Animal tissues Paraffin-embedded tissues were obtained from the archives of cases submitted between 2000 and 2014 to the Faculte´ de me´decine ve´te´rinaire of Universite´ de Montre´al. For each tissue, three 20 -mm thick serial sections were used for DNA extraction. Blood samples were provided by the Biodome (Dr.

Sample preparation hIAPP stock solutions were prepared by dissolving peptide at 1 mM in 100% HFIP and incubated for at least 12 h. For the ThT kinetics, CD spectrometry and CR binding assays, IAPP peptide stock solutions were prepared by dissolving peptides

Critical variants for IAPP fibrillization

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at 1 mM in 100% HFIP. For the cytotoxicity assays, the IAPP peptide stock solutions of 1 mM were divided in aliquots to obtain the desired final concentration and were air dried. Aliquots of the stock solutions were dried to remove organic solvents and suspended in 10 mM phosphate buffered saline (PBS) buffer (pH 7.4) at the desired concentration. All peptides were dissolved in DMSO and PBS.

and a bandwidth of 1 nm. All IAPP samples were dissolved to a final concentration of 60 mM in 10 mM PBS buffer (pH 7.4) containing 1% HFIP. The data were converted to mean residue ellipticity (y) and analyzed using the software CDPro, as previously described [25]. All CD spectra were averaged and baseline-corrected for signal contributions due to the buffer.

Thioflavin-T (ThT) fluorescence assays

Peptides were incubated in 10 mM PBS (pH 7.4, 25  C) at 60 mM for 48 h. A volume of 200 mL was applied on a 400mesh Formvar-carbon-coated cooper grid (Canemco Marivac, Lakefield, Quebec, Canada) using an Airfuge tube. They were next centrifuged with an airfuge air-driven ultracentrifuge (Beckman Coulter, Mississauga, Ontario, Canada) for 20 min. The grids were air-dried and incubated for 1 min in distilled water. Then they were carefully air-dried and incubated for 1 min in a fresh solution of 1% uranyl acetate. Samples were air-dried one last time and observed using a transmission microscope (Hitachi Model HT7700 120 kV Compact-Digital Biological TEM, Toronto, Ontario, Canada). Pictures were acquired at an accelerating voltage of 80 kV and magnification of 40 k.

IAPP peptides from the stock solution of 1 mM were added to 10 mM PBS buffer (pH 7.4) and transferred to a black 96-well microplate with transparent bottom. Each well contained a final volume of 150 mL with a peptide final concentration of 10 mM. Experiments in the presence of peptides were performed after adding a solution of ThT at a final concentration of 15 mM. The negative control consisted of HFIP at 0.1% without peptide. ThT-based fluorescence assays were used to detect the formation of amyloid. The fluorescence emission experiments were performed with the excitation and emission wavelengths set at 440 and 485 nm, respectively, with a Synergy HT multi-mode microplate reader (BioTek, Winooski, VT). Measurements were taken at room temperature every 5 min over 16 h with 5 s of shaking prior to each measurement. Samples were measured in three replicates and the experiments were repeated three times using different IAPP stock solutions. Arbitrary units of fluorescence were calculated from the mean values for each time point normalized against the maximum value in each completed assay. Arbitrarily, the maximum value (100%) for the fluorescence intensity was established for hIAPP (fragment 8–32) peptide. The lag time and the time to reach half maximum signal strength (T50) were calculated as previously described [11,23,24]. Congo red binding assay A CR stock solution (10 mM) was prepared in PBS at pH 7.4 and filtered through a 0.2-mm syringe filter prior to use. Assays were performed in a 96 wells plate containing 30 mM and 60 mM of each peptide in 100 mL of 10 mM PBS buffer (pH 7.4). Each plate was incubated for 24 h at room temperature to allow amyloid formation. The binding assay started 1 h prior to reading by adding CR solution at a final concentration of 100 mM in each well. CR binding was ascertained by measurement at 300–700 nm using a Synergy HT multi-mode microplate reader (BioTek, Winooski, VT). The absorbance spectrum of negative control (CR without peptide) and peptide in the presence of CR were corrected by subtracting the baseline spectrum of PBS. The final spectra were compared to the negative control (non-bound CR solution). Far-UV circular dicroism (CD) CD spectra of the secondary structure of hIAPP samples were recorded at 25  C under a constant flow of N2 using a JASCO810 spectropolarimeter (Jasco, Easton, MD). Spectra were recorded over a wavelength range of 190–250 nm using a quartz cuvette of 1-mm path length and an instrument scanning speed of 100 nm/min, with a response time of 2 s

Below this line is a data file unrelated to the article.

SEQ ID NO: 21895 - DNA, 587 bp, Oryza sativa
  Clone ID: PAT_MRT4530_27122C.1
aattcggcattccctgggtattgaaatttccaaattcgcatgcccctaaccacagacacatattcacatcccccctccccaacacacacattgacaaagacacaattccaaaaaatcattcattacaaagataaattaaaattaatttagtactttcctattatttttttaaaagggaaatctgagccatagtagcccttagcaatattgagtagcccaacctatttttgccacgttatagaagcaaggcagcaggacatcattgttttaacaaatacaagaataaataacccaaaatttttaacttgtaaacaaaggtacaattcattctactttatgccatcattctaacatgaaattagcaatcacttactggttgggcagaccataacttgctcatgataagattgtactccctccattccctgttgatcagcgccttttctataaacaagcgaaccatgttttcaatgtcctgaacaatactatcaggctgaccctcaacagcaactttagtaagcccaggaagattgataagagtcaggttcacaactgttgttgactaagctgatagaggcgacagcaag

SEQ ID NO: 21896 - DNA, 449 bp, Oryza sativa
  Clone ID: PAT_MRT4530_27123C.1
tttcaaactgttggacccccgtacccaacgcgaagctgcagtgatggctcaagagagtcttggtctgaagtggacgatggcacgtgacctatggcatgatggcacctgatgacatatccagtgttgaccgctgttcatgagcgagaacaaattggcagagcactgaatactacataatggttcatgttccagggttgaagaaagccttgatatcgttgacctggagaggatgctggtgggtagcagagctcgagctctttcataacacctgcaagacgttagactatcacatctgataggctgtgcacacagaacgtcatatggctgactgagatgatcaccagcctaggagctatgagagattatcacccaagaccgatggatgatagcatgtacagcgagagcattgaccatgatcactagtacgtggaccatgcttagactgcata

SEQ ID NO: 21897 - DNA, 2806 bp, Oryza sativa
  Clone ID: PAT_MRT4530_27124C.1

Transmission electron microscopy (TEM)